U.S. Northern Command, which is responsible for military operations inside the United States, said Friday it will begin an exercise next week to test its ability to respond to multiple domestic emergencies simultaneously, including a bio-terror attack in Nevada.
The exercise, dubbed Determined Promise ’03, includes a simulated hurricane in the Gulf of Mexico, real and simulated wildfires, an airborne terrorist threat in Alaska and an outbreak of pneumonic plague in Nevada. The military also will simulate the derailment of a train carrying munitions in Kentucky, said Maj. Cheryl Phillips, a Northern Command spokeswoman.
It begins Monday with the plague outbreak in Clark County, which includes 70 percent of Nevada’s population, including Las Vegas. Local authorities will respond first by activating an emergency operations center, followed by action at the state level and activation of the Nevada National Guard on Wednesday. Northern Command will direct the use of active-duty forces.
At the same time, Northern Command’s headquarters at Peterson Air Force Base, Colo., will deal with a variety of simulated natural disasters and terrorist threats elsewhere in the country.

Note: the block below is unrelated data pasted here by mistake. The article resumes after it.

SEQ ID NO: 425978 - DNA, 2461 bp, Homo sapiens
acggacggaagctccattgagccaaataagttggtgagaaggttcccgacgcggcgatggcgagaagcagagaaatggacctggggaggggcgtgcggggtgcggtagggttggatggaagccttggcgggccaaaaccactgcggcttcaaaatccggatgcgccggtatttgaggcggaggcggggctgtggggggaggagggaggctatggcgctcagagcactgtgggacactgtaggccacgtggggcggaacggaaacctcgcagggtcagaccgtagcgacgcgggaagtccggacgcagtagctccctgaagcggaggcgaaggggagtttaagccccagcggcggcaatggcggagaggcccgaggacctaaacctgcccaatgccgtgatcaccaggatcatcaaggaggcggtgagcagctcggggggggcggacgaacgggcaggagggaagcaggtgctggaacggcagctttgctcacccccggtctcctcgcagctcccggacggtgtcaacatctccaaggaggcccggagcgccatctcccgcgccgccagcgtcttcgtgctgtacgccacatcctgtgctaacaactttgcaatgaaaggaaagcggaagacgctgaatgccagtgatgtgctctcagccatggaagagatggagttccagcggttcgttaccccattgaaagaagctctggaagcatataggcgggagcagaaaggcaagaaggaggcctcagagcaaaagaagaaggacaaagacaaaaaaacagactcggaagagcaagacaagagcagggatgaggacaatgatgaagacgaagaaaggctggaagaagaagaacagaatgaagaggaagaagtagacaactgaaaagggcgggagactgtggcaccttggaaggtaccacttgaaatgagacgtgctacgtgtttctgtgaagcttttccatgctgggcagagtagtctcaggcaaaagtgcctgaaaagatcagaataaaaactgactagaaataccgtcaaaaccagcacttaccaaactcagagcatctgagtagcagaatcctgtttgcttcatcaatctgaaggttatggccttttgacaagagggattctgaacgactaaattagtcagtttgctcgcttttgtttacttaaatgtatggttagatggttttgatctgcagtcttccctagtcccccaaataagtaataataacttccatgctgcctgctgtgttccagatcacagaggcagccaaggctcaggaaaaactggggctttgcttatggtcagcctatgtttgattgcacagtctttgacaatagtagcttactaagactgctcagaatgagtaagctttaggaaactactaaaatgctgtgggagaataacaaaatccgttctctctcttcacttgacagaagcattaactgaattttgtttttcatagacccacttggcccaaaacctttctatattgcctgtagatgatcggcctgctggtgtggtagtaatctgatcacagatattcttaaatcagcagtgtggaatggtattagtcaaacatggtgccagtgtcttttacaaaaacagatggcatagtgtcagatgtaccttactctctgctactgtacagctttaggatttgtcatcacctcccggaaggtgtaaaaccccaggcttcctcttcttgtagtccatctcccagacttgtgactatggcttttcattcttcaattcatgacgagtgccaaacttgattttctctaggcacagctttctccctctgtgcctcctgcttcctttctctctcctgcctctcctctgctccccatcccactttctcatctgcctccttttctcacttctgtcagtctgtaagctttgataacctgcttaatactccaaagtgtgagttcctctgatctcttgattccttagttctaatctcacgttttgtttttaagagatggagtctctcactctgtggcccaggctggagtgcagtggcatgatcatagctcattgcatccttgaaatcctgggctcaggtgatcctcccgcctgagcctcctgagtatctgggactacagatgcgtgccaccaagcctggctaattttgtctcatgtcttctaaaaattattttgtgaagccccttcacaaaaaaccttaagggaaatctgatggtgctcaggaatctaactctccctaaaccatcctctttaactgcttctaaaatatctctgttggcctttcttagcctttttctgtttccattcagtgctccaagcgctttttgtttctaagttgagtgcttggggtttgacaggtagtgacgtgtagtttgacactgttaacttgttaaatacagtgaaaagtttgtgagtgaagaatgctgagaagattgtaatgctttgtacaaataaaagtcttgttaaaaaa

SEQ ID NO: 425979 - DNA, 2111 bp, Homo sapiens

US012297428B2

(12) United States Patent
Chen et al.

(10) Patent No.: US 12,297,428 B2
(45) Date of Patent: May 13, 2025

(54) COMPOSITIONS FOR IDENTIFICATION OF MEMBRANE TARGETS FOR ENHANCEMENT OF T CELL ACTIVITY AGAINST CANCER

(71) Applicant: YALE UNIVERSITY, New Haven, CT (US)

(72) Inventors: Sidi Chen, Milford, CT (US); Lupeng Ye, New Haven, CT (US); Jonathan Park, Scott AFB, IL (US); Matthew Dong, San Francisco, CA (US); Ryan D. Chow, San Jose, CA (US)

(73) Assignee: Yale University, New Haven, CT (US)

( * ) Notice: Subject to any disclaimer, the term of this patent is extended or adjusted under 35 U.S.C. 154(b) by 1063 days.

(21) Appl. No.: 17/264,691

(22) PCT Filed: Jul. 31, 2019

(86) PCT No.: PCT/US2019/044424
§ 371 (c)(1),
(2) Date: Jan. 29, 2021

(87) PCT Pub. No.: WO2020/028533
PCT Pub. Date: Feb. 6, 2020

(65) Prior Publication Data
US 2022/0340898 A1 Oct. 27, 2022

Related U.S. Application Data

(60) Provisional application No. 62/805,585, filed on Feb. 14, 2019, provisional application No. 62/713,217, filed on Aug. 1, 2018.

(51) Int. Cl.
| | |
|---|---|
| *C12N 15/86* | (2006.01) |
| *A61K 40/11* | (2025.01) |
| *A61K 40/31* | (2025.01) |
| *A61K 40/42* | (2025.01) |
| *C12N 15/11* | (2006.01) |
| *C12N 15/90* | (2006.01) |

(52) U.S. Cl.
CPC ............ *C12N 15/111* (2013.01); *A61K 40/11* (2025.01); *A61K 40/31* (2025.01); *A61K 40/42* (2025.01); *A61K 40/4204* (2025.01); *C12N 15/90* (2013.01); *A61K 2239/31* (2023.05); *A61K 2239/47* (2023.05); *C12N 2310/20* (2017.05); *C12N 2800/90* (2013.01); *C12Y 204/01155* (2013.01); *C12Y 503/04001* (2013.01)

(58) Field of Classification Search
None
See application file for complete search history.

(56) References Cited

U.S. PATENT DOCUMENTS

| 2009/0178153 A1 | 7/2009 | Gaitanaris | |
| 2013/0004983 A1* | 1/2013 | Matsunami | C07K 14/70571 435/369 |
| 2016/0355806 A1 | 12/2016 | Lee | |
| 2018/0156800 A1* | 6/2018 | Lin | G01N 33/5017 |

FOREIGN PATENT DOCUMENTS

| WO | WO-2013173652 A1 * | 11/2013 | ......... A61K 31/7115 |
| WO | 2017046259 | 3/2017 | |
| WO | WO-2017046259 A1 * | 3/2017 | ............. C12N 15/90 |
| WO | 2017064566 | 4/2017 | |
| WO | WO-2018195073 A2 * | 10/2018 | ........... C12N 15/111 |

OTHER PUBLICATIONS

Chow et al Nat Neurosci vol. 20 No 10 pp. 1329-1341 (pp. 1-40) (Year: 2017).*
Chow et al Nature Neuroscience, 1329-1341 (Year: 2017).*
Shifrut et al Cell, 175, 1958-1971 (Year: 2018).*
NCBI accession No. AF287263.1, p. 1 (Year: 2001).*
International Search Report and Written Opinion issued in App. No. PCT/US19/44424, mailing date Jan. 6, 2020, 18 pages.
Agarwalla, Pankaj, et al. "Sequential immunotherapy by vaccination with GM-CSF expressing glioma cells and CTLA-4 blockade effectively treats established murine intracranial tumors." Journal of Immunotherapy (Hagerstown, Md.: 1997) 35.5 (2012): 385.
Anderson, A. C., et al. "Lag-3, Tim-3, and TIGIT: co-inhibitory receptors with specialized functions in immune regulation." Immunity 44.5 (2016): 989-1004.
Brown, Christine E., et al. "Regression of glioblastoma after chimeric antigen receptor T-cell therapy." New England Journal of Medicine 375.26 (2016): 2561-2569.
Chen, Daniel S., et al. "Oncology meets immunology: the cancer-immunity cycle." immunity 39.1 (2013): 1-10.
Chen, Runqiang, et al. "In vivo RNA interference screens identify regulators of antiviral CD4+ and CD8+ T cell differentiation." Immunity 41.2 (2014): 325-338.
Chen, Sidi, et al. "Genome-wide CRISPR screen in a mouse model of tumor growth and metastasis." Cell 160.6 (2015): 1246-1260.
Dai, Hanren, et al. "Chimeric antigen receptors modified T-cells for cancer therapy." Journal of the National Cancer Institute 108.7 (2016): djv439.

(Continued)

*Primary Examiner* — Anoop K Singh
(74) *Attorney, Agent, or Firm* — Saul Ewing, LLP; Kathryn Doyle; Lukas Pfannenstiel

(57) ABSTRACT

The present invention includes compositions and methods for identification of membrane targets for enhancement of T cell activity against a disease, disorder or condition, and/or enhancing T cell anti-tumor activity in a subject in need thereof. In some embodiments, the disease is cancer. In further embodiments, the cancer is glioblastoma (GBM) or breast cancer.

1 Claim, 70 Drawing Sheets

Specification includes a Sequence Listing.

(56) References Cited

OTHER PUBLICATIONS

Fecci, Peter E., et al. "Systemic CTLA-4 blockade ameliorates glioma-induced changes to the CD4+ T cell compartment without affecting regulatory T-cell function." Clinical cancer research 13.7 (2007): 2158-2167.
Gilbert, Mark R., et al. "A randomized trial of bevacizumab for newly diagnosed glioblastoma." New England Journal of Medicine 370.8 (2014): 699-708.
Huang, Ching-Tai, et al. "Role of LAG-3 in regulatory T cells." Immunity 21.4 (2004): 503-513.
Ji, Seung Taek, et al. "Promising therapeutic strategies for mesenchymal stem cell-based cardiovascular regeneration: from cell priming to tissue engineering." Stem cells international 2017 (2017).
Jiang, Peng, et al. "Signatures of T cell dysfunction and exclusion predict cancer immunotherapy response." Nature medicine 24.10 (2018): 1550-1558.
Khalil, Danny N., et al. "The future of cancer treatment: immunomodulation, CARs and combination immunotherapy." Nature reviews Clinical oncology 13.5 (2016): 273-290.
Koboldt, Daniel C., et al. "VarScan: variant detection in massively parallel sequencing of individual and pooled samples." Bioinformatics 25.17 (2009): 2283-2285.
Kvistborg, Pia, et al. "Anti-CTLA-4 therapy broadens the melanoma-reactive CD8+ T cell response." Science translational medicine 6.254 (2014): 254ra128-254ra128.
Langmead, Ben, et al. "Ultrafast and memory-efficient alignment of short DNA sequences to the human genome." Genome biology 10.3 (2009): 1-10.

Lt. Col. Dan Stoneking, a Pentagon spokesman, said the exercise has been planned for months and has no direct connection to this week’s power blackouts in the Northeast.
Fifteen federal offices and agencies will participate, including the assistant secretary of defense for homeland security, the Department of Homeland Security, and the Federal Emergency Management Agency, as well as intelligence agencies such as the National Reconnaissance Office and the CIA.
Also participating will be the American Red Cross and the American Association of Railroads, as well as seven state and local organizations, including National Guard units in Nevada, Alabama and Rhode Island. Twenty-eight active-duty military units will be involved, including the headquarters of Atlantic Fleet in Norfolk, Va., and Air Combat Command in Langley, Va.
As part of the exercise, the North American Aerospace Defense Command, at Colorado Springs, Colo., will conduct a one-day air exercise in Alaska to test the command’s ability to deal with potential airborne terrorist threats and to coordinate with Northern Command. That portion will include fighter jet flights over Alaska, Phillips said.
The exercise will have 2,000 participants and cost $2 million, according to Northern Command. It ends Aug. 28.